This means you need to have enough currency to make change. It also means you need a CC processor, and I recommend Square is a very good resource. They provide you with a card-reader that plugs into just about any mobile device and a free application for download that you can use to create an inventory, add items to, and sell product. Their percentage is much better than many of the Merchant Accounts that banks provide, and to date, I’ve never had a problem with Square. The final thing is not something you need, it’s something that you need to do. Engage every potential customer that you can. Be friendly without being pushy. Ask them what they like to read and direct them to titles that might fit the bill. Be encouraging but not oppressive. Remember that they are in your booth because they are curious, interested, and probably have money to spend. Give them a good reason to spend it with you, but don’t be a jerk about it. The key is to talk with them and find out if there is common ground. Once you find that common ground between your writing and their interests, you have a shot at making a sale. However, if there isn’t any common ground, then give them suggestions about other book sellers where they might find what they’re looking for. If you help them, they might just come back later with a friend that you can find common ground with.

One thing I will add is that you do your best to keep things on a professional level when you’re at these events. You may end up with friendships that come out of your associations, but when you’re at the event, remember that you’re at work. This is your job. Do it professionally, politely, and in a cordial manner. If friendships blossom out of your interactions, all the better, but keep your friendships separate from your business affairs.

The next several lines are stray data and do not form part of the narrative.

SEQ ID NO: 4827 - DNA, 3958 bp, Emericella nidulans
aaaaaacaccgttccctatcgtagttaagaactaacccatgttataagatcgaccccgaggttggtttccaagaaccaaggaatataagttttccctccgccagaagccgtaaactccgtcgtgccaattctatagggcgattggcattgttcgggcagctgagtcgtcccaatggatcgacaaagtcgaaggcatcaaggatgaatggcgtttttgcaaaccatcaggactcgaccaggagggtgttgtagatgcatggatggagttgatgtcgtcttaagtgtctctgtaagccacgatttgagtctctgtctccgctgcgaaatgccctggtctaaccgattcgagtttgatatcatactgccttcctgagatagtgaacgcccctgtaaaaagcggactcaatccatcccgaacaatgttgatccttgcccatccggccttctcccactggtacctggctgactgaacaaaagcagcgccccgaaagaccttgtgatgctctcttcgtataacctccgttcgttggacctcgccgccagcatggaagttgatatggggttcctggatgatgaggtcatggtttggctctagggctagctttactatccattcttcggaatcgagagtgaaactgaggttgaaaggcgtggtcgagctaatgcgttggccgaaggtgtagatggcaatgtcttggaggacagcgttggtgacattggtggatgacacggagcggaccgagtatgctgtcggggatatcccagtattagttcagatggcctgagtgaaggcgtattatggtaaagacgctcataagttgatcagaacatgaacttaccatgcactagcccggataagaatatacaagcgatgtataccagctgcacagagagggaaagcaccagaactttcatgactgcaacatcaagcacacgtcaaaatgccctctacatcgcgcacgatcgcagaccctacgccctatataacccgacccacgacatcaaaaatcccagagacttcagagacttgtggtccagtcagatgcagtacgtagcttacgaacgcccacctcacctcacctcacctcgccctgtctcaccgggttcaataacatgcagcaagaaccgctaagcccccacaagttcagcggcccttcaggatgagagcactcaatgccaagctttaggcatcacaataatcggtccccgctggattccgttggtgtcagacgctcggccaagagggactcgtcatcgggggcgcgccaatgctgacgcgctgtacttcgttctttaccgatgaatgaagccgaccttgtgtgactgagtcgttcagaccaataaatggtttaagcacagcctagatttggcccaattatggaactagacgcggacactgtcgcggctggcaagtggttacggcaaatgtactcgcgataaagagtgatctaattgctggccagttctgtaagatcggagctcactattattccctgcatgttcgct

There is one last thing. Be prepared to sign autographs if you’re selling books. That’s pretty much the whole point of selling at public venues, and you’ll be surprised at how many people ask for your autograph even if they’ve never heard of you. And if someone asks you for your autograph, be sure to ask if the customer wants a personalized autograph or not. If they do, ask them their name and how to spell it, otherwise, just sign your name on the half-title page at the beginning of the book. In the case of anthologies, you can sign next to your story on the table of contents as well as on the page where your story starts in the book.

I could go on and on about public events, marketing, and how to be successful at them. Keep in mind that I’m still learning, and you will too as you go along. Being a writer is always a work in progress. The only thing I would add is that you give some consideration to your branding. Be consistent in at least one aspect of your appearance and demeanor. For me, it’s been the mohawk. I have the illuminated mohawk on my business cards, banners, and now even on the backs of my books. I’ve taken the one thing people are sure to remember about me and turned it into a key facet of my brand. There’s much more to branding, but you want to have something that people will remember you by. Neil Gaiman uses the black leather jacket. Kevin J. Anderson uses a black suit. Peter J. Wacks frequently has a scarf or his burgundy sport coat. G.R.R. Martin has his black hat. If ever there was a time for mnemonic devices, it’s when you’re on display at public events. You want people to recognize you at a glance, if at all possible, because that will have tremendous dividends down the road, especially as your career takes off.

I hope this helped, and feel free to shoot me questions via my website or on FaceBook. My doors aren’t always open, but I’m not all that hard to track down. Best of luck, and above all else, keep writing.





One thought on “Pimping Your Craft: Advice for New Writers

  1. You never fail to amaze us. This is perfect; exactly what we were looking for. So many newer and even established authors seem lost on how to sell and how to brand once the book is published. It is a business. The name on the cover is a business. Thank you so much for taking the time to share your wisdom and experiences.